I am an advocate of first selecting a high-quality server motherboard and building around it.  You'll see many posts here where folks are replacing a failed motherboard and trying to keep their OS and data intact.  Look for onboard graphics, dual high-quality gigabit LAN, at least 4 SATA ports, at least one 4x PCIe slot for SATA expansion down-the-road and a reputation for long-life stability.  HDD's come and go and cpu's can be upgraded, but the MB is for life.  For the cpu go multi-core to assist with streaming; I like the Core2 series especially the 45nm versions, but that's overkill for now, save it for an upgrade when you want to encode/stream video.  The Celeron E1500/1600 (basically 65nm Core2's) are sufficient and they have 64-bit capability for the next WHS release.  I just built a system with this board: SUPERMICRO MBD-C2SBC-Q-O LGA 775 Intel Q35.  I have a Tyan board in my first build in 2007 and it's still trucking along, even survived a lightening strike (although I lost one of the onboards NIC's).  ECC RAM doesn't get a lot of support in these forums, and I am not using any, but server pro's gotta have it.  Happy hunting and keep us posted..........Fred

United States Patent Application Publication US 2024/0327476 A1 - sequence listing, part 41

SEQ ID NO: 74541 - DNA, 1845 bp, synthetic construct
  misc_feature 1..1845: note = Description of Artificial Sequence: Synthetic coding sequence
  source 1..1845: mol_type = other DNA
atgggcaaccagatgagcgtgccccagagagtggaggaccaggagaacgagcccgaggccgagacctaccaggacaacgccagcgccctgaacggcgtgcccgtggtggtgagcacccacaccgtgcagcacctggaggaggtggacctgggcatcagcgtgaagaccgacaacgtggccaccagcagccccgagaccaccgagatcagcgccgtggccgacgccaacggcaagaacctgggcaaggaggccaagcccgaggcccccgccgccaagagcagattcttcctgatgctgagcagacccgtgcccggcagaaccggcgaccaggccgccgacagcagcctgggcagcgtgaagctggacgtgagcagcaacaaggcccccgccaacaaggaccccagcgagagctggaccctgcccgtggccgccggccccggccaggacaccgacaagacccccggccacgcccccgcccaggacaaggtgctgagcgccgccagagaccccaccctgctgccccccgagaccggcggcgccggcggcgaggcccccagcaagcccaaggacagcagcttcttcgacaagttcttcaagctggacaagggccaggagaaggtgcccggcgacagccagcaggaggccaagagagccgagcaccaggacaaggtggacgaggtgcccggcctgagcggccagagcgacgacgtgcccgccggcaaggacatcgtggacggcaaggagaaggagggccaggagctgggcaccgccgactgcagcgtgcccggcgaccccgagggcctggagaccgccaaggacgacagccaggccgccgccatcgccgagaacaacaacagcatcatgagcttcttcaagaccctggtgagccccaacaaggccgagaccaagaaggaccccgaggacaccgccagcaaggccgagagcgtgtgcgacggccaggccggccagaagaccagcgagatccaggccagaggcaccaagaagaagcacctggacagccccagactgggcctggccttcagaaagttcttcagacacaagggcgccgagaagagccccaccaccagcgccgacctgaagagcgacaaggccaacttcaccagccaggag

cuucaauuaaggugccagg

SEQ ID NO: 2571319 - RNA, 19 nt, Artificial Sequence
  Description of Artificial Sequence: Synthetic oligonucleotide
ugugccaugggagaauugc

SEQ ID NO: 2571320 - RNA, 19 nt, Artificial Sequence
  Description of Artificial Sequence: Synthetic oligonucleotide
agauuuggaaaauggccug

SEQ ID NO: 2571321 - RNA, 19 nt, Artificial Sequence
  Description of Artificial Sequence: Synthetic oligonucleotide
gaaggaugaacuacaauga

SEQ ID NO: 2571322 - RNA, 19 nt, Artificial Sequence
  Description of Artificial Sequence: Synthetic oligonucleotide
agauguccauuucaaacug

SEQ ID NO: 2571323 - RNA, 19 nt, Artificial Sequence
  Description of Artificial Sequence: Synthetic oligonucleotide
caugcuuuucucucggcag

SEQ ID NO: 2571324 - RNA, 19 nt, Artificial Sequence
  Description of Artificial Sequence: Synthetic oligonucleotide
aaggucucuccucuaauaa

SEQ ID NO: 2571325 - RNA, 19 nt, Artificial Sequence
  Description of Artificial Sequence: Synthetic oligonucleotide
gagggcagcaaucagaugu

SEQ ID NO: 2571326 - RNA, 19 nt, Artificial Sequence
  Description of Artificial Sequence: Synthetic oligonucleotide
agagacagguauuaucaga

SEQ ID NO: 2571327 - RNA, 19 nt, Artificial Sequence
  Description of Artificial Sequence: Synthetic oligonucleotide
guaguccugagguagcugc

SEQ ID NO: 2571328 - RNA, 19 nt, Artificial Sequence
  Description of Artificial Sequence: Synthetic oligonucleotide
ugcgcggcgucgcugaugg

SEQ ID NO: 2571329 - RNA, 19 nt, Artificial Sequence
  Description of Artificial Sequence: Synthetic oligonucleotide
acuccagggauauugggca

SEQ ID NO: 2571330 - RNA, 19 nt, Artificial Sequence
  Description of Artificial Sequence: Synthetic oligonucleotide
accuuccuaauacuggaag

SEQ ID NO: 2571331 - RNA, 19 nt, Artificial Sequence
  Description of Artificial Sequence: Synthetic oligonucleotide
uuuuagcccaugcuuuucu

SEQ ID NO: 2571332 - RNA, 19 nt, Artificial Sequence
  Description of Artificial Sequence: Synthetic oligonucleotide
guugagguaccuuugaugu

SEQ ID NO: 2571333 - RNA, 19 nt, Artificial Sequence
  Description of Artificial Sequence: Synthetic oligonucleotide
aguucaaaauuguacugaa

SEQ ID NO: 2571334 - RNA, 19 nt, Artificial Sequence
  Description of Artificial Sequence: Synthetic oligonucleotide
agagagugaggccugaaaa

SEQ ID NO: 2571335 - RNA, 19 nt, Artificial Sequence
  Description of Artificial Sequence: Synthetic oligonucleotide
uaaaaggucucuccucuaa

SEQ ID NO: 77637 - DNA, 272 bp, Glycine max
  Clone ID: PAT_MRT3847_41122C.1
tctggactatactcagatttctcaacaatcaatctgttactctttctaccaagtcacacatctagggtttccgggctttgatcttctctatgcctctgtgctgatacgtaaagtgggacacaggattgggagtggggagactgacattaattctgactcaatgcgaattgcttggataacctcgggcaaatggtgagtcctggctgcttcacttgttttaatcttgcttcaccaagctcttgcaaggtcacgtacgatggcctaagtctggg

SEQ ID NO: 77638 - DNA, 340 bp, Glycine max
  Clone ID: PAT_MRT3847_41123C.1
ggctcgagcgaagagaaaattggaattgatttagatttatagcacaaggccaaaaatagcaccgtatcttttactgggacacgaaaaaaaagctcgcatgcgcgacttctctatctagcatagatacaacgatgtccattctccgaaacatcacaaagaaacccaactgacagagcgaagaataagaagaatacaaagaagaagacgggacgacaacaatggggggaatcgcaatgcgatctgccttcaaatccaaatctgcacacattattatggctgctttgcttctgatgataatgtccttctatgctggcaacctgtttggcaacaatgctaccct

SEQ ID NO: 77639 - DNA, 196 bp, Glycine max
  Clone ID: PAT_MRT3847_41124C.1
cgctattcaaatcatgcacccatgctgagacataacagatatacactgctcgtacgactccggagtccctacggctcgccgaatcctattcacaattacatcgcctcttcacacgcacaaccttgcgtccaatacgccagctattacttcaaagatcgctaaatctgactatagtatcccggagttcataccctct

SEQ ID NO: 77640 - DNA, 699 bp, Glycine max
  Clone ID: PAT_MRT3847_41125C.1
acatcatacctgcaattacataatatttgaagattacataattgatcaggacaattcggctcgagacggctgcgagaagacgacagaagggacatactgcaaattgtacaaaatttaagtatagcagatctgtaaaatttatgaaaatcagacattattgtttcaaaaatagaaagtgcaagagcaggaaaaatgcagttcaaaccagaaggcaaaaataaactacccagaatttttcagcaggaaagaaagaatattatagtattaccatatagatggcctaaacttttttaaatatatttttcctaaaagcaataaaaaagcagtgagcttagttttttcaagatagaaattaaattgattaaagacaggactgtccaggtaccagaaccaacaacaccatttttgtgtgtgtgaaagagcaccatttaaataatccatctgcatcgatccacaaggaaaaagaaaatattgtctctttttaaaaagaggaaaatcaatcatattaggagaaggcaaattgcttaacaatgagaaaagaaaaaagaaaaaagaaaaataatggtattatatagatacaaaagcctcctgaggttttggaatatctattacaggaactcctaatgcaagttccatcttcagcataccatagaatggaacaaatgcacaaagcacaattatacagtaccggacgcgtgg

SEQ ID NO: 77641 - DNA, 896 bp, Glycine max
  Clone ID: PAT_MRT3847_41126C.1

Thanks for your answer.

    Well I will in near future have the need to stream video - would that be too much for a Atom or Celeron? Currently I stream video from a small Dlink NAS and it works ok and the processor in that is way slower I would say...?

    I'm a bit reluctant going for such MB simply because of power consumption. I have absolutely no second thought about getting good quality but I would hate to see power > 100W. Do you have any measurement of the power consumption of that kind of WHS system with that Supermicro MB? And what other components are in there?